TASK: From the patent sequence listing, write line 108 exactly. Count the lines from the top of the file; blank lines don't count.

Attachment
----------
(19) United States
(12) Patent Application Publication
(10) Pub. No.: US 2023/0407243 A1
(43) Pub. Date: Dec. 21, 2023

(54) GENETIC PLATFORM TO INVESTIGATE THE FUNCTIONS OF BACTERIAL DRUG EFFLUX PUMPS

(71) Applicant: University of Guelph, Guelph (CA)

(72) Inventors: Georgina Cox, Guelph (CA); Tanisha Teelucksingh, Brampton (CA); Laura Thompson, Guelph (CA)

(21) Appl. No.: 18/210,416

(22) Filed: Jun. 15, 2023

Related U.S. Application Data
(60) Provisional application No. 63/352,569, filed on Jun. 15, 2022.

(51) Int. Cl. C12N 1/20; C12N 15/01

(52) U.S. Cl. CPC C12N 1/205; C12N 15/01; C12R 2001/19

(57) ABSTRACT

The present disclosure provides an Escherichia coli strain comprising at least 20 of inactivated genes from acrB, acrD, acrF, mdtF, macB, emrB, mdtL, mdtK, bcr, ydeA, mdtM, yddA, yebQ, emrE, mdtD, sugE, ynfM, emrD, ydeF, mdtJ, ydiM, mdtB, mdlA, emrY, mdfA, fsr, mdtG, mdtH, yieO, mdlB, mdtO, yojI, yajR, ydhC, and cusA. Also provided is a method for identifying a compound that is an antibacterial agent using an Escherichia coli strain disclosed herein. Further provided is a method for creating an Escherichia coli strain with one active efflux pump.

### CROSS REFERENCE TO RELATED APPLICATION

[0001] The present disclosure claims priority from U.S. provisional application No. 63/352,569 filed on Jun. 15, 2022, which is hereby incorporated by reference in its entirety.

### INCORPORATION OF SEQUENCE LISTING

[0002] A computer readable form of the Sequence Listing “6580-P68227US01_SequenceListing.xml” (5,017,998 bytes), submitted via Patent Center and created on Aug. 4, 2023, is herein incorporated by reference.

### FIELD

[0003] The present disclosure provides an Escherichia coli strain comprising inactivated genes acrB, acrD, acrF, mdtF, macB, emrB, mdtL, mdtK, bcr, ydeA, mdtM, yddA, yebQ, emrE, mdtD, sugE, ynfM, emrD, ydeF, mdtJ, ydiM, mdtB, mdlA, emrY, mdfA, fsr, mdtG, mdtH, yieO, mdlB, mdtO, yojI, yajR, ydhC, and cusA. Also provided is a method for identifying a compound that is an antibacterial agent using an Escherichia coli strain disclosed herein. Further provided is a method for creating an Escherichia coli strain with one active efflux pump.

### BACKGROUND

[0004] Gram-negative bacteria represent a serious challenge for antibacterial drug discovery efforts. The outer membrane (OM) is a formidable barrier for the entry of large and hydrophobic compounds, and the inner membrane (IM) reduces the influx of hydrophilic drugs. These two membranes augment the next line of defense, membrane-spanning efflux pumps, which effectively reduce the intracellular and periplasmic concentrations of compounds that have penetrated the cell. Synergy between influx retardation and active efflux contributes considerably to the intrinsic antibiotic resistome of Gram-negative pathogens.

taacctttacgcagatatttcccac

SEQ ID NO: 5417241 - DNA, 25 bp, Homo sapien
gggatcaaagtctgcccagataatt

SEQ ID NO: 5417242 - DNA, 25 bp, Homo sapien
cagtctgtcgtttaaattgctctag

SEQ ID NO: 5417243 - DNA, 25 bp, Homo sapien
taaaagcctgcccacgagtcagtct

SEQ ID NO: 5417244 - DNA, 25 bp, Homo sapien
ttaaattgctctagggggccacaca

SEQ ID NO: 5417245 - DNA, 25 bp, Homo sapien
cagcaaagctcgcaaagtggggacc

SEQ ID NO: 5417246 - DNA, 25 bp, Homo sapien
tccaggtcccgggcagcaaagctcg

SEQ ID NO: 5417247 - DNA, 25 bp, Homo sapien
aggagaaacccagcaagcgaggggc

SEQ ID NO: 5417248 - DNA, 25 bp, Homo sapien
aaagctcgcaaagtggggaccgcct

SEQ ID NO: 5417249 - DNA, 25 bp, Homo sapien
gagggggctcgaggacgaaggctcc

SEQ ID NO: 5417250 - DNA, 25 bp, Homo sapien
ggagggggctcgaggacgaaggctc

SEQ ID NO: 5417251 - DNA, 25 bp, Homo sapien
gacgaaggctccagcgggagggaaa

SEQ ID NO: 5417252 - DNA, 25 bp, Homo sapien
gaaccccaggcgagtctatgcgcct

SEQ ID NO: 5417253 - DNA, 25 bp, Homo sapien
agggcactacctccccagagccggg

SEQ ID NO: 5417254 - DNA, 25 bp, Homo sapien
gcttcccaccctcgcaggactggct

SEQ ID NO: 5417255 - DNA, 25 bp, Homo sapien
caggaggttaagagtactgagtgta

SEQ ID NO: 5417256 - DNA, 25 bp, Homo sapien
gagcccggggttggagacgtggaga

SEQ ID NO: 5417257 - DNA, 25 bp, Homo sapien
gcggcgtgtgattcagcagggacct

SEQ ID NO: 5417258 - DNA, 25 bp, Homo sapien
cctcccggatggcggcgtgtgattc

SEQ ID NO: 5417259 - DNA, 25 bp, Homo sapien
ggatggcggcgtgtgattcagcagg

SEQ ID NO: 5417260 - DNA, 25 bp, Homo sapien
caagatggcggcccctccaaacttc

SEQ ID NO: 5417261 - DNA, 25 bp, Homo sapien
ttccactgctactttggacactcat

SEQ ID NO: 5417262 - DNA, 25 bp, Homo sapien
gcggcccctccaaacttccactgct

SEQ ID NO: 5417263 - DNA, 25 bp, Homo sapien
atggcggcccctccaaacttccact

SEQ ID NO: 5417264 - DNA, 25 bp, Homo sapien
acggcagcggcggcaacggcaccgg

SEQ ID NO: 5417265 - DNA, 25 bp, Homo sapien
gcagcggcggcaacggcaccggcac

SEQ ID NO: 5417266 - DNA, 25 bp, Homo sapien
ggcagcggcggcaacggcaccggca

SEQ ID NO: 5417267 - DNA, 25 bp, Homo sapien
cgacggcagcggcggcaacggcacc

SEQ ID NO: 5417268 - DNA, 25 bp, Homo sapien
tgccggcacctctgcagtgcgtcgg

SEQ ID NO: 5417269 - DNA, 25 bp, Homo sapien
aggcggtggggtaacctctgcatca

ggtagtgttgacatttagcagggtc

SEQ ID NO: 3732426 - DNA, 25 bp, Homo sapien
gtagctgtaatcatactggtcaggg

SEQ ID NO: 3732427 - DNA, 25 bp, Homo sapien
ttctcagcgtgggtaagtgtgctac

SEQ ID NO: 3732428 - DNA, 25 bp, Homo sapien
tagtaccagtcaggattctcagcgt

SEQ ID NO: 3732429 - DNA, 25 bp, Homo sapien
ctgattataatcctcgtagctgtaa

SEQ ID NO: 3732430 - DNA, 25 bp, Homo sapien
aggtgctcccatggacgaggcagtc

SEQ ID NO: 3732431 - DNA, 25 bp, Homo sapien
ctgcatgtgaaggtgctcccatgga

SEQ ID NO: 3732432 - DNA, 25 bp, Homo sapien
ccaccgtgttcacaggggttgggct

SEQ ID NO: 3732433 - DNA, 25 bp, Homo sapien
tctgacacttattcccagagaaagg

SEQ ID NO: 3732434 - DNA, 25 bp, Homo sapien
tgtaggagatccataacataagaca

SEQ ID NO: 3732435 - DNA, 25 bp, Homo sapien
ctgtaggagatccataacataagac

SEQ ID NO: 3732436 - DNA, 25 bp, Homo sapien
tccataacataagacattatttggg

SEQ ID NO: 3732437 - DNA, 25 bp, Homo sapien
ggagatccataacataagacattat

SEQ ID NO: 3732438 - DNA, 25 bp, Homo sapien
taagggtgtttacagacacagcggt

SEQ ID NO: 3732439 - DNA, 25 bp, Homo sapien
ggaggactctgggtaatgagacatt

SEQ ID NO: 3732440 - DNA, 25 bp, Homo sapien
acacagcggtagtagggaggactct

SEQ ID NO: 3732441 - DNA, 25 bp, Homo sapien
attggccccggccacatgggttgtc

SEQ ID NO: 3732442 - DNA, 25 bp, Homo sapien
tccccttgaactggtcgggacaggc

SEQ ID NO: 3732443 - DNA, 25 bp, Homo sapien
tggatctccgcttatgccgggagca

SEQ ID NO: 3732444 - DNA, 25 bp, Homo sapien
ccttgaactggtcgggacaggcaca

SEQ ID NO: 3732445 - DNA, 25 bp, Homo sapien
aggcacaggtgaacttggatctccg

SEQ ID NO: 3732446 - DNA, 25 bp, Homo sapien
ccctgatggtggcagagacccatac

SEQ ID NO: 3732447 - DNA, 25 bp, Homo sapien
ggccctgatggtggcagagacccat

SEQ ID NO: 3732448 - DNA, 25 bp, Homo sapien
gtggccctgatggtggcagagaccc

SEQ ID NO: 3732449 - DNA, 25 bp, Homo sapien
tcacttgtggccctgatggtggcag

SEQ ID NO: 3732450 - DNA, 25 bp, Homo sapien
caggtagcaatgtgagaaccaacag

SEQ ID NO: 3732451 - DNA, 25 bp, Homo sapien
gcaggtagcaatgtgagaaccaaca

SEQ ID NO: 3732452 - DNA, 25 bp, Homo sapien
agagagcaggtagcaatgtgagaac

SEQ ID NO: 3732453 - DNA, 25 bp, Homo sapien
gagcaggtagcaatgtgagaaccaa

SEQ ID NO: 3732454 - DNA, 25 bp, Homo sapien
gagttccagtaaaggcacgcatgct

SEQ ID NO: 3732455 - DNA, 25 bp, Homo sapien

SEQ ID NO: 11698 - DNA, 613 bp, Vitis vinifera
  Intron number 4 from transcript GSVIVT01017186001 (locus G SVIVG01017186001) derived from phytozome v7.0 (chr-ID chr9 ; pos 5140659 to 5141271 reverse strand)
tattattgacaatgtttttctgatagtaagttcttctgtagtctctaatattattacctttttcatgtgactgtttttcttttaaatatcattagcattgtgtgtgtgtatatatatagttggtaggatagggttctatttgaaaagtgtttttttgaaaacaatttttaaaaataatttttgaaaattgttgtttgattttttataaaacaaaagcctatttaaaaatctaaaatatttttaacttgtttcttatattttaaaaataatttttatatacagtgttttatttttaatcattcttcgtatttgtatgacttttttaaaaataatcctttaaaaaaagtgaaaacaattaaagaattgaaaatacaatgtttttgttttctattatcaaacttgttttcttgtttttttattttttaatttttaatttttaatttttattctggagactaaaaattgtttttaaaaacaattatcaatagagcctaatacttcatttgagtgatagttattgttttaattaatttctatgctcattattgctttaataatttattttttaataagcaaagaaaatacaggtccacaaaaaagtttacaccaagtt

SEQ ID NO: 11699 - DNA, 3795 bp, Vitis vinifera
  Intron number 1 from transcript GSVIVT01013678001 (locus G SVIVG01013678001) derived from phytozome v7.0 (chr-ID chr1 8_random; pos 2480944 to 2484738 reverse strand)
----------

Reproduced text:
SEQ ID NO: 3732438 - DNA, 25 bp, Homo sapien